The Beauty of Customer Segmentation – Part 1/3: When Offline Met Online
This blog post is about the things you can do when you combine these two main data sets
Welcome to the first part of this mini-series, where we discuss opportunities hidden in your data (if you use it properly).
Imagine being able to tell when an offer drove customers to buy in-store, or when a loyal offline customer starts migrating towards your online store. This kind of precious information has the power to influence your marketing decisions greatly.
Offline interactions impact your online performance in more ways than most eCommerce businesses often understand. On the other hand, your online presence has a direct impact on physical store performance, and most companies fail to connect the dots between the two.
But it’s totally doable. And by unifying digital and physical data points, retailers can get a 360-degree view of their customers.
Today, we will present to you how combining offline, and online data can take your business (and your customer relationships) to the next level.
It Starts With a Customer Data Model
Every customer model starts with a single customer view. The single customer view unifies the customer data in your database and flattens it into one table where every row offers per-customer insight. Any interaction the customer had with your business is documented in the table’s columns, alongside any demographic information available, helping you answer the following questions:
1. Who are your customers?
No two customers are the same; The Single Customer View allows you to micro-segment your audience according to their unique relationship with your brand.
2. How much are your customers worth to your business?
With access to all customer activity in a single view, you’ll get a better idea of their value – allowing you to easily calculate the sum of their actions as well as their future predicted value.
3. How much of your resources should you spend on each customer?
By combining online and offline customer data, you’ll find out which customers generate a higher return on investment, how much it costs you to convert an offline customer, and so much more.
For example, Optimove’s bespoke customer model is tailor-made to each brand’s unique customer data set and KPIs.
Optimove segments customers using a combination of rule-based segmentation and a mathematical algorithm known as “k-means clustering” to segment customers into groups based on predictions regarding their total future value. The model considers any customer data point, both offline and online.
Then, Adjust Your Marketing Plan
Having the benefit of tracking online and offline customer behavior in one unified customer model is powerful on its own. But on top of that, it allows businesses to create predictive models for their customers’ future value.
For example, an activewear retailer using Optimove, noticed an interesting pattern when using Optimove’s segmentation method: a segment of customers who buy mostly on web (hybrid shoppers) and make offline purchases have a higher Avg. Future Value (AFV) than customers that strictly purchase offline or online only.
Based on this insight, the retailer decided to send a dedicated campaign that includes an in-store coupon to online-only customers, with the goal of migrating online-only shoppers towards the hybrid shopper segment (since their future value is much higher).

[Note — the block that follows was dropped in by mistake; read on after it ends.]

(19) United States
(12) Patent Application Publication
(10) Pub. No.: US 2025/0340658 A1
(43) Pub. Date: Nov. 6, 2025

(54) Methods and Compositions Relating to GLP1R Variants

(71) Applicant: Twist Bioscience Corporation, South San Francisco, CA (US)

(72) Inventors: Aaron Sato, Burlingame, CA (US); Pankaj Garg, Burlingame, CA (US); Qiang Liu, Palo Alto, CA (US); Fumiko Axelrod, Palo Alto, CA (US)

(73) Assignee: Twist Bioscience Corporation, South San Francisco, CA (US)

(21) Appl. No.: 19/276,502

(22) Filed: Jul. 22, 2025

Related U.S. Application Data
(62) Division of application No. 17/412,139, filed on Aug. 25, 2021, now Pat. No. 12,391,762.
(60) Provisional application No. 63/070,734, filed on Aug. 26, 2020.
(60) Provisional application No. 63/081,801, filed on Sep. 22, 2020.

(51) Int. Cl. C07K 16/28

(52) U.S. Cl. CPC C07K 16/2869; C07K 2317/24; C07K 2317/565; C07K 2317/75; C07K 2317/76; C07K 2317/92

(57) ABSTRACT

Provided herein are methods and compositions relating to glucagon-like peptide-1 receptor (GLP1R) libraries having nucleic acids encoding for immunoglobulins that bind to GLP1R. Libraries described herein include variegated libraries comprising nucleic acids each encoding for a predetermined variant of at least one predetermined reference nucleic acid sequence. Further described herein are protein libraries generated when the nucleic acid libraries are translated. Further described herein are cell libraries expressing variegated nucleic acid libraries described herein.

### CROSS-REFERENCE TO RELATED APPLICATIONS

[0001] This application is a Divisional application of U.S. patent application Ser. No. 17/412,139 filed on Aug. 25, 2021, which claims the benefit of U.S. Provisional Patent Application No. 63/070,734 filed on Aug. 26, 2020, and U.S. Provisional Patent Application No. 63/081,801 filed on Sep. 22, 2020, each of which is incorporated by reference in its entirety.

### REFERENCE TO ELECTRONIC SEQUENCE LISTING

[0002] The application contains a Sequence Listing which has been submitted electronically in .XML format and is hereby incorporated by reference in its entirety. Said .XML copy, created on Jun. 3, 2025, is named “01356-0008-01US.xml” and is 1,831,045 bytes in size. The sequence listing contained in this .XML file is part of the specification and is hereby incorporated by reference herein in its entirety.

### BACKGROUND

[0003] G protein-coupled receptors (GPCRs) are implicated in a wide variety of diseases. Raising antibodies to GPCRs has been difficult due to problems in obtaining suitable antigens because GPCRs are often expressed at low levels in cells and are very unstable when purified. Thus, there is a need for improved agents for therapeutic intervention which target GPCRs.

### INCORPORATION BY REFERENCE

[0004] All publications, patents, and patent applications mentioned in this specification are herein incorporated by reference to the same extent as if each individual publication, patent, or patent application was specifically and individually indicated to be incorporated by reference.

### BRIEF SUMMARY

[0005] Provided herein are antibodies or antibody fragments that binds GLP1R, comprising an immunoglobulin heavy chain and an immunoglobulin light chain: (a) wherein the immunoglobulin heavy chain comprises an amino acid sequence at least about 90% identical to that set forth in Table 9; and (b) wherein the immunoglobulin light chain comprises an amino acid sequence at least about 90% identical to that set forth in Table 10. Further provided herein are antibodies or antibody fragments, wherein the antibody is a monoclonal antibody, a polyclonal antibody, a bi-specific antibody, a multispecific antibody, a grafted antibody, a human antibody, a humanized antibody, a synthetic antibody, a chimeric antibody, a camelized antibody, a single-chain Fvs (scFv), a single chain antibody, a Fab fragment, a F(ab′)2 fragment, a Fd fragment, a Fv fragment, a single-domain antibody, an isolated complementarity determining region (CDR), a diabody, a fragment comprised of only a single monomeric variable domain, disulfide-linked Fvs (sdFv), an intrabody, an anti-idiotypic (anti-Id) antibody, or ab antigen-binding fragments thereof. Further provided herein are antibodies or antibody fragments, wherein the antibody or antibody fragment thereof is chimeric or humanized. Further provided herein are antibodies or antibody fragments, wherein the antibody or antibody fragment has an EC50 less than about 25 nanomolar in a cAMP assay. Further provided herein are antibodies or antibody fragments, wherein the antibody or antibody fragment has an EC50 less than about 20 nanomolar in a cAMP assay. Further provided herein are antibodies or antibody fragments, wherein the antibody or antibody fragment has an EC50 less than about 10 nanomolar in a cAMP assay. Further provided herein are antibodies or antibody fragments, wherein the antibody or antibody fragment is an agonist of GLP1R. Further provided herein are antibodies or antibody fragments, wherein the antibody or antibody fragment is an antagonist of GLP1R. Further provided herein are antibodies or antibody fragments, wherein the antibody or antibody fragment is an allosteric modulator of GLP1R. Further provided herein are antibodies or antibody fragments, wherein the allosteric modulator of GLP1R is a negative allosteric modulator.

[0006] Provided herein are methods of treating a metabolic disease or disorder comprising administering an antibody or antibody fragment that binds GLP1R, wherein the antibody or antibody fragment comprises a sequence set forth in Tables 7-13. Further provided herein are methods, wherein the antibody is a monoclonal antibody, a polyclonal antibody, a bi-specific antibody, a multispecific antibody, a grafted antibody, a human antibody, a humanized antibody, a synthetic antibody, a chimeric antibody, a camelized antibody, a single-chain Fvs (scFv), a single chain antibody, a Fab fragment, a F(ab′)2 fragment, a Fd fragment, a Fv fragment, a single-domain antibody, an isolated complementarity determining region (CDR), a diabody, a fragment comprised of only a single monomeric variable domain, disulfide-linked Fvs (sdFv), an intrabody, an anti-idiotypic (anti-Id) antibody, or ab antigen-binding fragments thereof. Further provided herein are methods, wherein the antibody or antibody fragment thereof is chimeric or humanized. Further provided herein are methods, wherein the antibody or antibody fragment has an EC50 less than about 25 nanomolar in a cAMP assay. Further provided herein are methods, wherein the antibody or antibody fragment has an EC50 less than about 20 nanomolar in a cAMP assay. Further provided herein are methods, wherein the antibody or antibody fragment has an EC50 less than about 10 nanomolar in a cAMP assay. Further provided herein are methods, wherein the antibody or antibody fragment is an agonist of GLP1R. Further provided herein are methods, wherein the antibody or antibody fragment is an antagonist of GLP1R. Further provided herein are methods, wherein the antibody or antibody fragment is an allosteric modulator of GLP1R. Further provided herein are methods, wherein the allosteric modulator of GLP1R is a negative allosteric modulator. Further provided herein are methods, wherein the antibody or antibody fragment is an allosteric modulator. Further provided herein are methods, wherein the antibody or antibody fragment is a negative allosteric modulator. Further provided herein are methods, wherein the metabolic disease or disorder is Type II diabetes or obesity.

Thanks to the complete customer view and its implications on predictive analysis, the marketing team found their ideal customer DNA and shifted the strategy accordingly.
The drift of it: Using Optimove, marketers can create campaigns dedicated to moving customers to specific segments that are more valuable. And comparing and analyzing your offline and online customers is crucial here. By knowing which segment differs from the other – and how – you can easily adjust your marketing strategy accordingly.
Finally, Orchestrate Offline & Online Marketing Activities in Unison
Customers are dynamic, and their product preferences and spend and purchase frequency change over time. However, a smart customer model allows you to react to these changes by continuously updating data in realtime – giving your marketing team the ability to revisit strategies at any point in time.
Having a unified customer model sits at the foundation of smart orchestration. For instance, you can send online messages (such as Push, Email, or Ads) in response to offline activities such as store visits. You can also use offline channels (such as SMS, Phone, or even Direct Mail) in reaction to online events, like newly browsed categories. Calling or emailing customers has generated a lot of positive feedback for several Optimove clients.
Similar tactics that involve providing in-store sales reps with online customer data were used by a jewelry retailer at Optimove to drive a 53% increase in monthly average net revenue and a 15% decrease in customer churn and 143% increase in purchase amount through clienteling campaigns.
Key Retail Takeaways
The combination of offline and online data gives you the ability to maximize your brand’s marketing efficiency. Seeing your business as a cross-platform playing field, where every customer receives the best and most effective communication, is a superpower in today’s noisy, competitive landscape.
Retail marketers must strive towards a unified, holistic customer view, and now that you know what’s possible, we encourage you to implement such a solution in your business today.
Stay tuned for the next part of this mini-series, where we’ll discuss the influence of rule-based and cluster-based segmentation on your marketing efforts.
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